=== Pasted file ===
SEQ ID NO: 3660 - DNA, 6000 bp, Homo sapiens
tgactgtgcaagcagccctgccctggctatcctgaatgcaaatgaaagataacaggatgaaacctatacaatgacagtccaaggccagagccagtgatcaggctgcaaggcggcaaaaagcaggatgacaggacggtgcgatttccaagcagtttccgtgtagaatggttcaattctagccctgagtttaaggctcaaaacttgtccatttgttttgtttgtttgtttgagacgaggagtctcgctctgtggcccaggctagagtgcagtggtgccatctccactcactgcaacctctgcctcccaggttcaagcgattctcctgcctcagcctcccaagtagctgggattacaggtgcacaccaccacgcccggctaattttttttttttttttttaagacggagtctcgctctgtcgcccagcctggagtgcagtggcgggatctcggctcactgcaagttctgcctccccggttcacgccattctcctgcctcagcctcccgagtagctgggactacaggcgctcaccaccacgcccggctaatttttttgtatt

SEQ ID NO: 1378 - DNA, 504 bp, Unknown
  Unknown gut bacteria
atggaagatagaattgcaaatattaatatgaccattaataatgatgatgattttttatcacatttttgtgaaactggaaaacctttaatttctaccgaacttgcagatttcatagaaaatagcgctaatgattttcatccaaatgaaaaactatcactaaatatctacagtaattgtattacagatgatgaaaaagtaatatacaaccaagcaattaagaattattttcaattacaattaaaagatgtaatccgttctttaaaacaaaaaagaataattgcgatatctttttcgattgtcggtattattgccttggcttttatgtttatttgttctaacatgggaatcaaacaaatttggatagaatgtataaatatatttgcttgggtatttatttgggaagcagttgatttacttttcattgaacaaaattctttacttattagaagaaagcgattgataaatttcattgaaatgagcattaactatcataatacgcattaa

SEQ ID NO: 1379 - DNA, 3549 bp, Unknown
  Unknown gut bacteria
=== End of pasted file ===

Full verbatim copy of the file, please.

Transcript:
SEQ ID NO: 3660 - DNA, 6000 bp, Homo sapiens
tgactgtgcaagcagccctgccctggctatcctgaatgcaaatgaaagataacaggatgaaacctatacaatgacagtccaaggccagagccagtgatcaggctgcaaggcggcaaaaagcaggatgacaggacggtgcgatttccaagcagtttccgtgtagaatggttcaattctagccctgagtttaaggctcaaaacttgtccatttgttttgtttgtttgtttgagacgaggagtctcgctctgtggcccaggctagagtgcagtggtgccatctccactcactgcaacctctgcctcccaggttcaagcgattctcctgcctcagcctcccaagtagctgggattacaggtgcacaccaccacgcccggctaattttttttttttttttttaagacggagtctcgctctgtcgcccagcctggagtgcagtggcgggatctcggctcactgcaagttctgcctccccggttcacgccattctcctgcctcagcctcccgagtagctgggactacaggcgctcaccaccacgcccggctaatttttttgtatt

SEQ ID NO: 1378 - DNA, 504 bp, Unknown
  Unknown gut bacteria
atggaagatagaattgcaaatattaatatgaccattaataatgatgatgattttttatcacatttttgtgaaactggaaaacctttaatttctaccgaacttgcagatttcatagaaaatagcgctaatgattttcatccaaatgaaaaactatcactaaatatctacagtaattgtattacagatgatgaaaaagtaatatacaaccaagcaattaagaattattttcaattacaattaaaagatgtaatccgttctttaaaacaaaaaagaataattgcgatatctttttcgattgtcggtattattgccttggcttttatgtttatttgttctaacatgggaatcaaacaaatttggatagaatgtataaatatatttgcttgggtatttatttgggaagcagttgatttacttttcattgaacaaaattctttacttattagaagaaagcgattgataaatttcattgaaatgagcattaactatcataatacgcattaa

SEQ ID NO: 1379 - DNA, 3549 bp, Unknown
  Unknown gut bacteria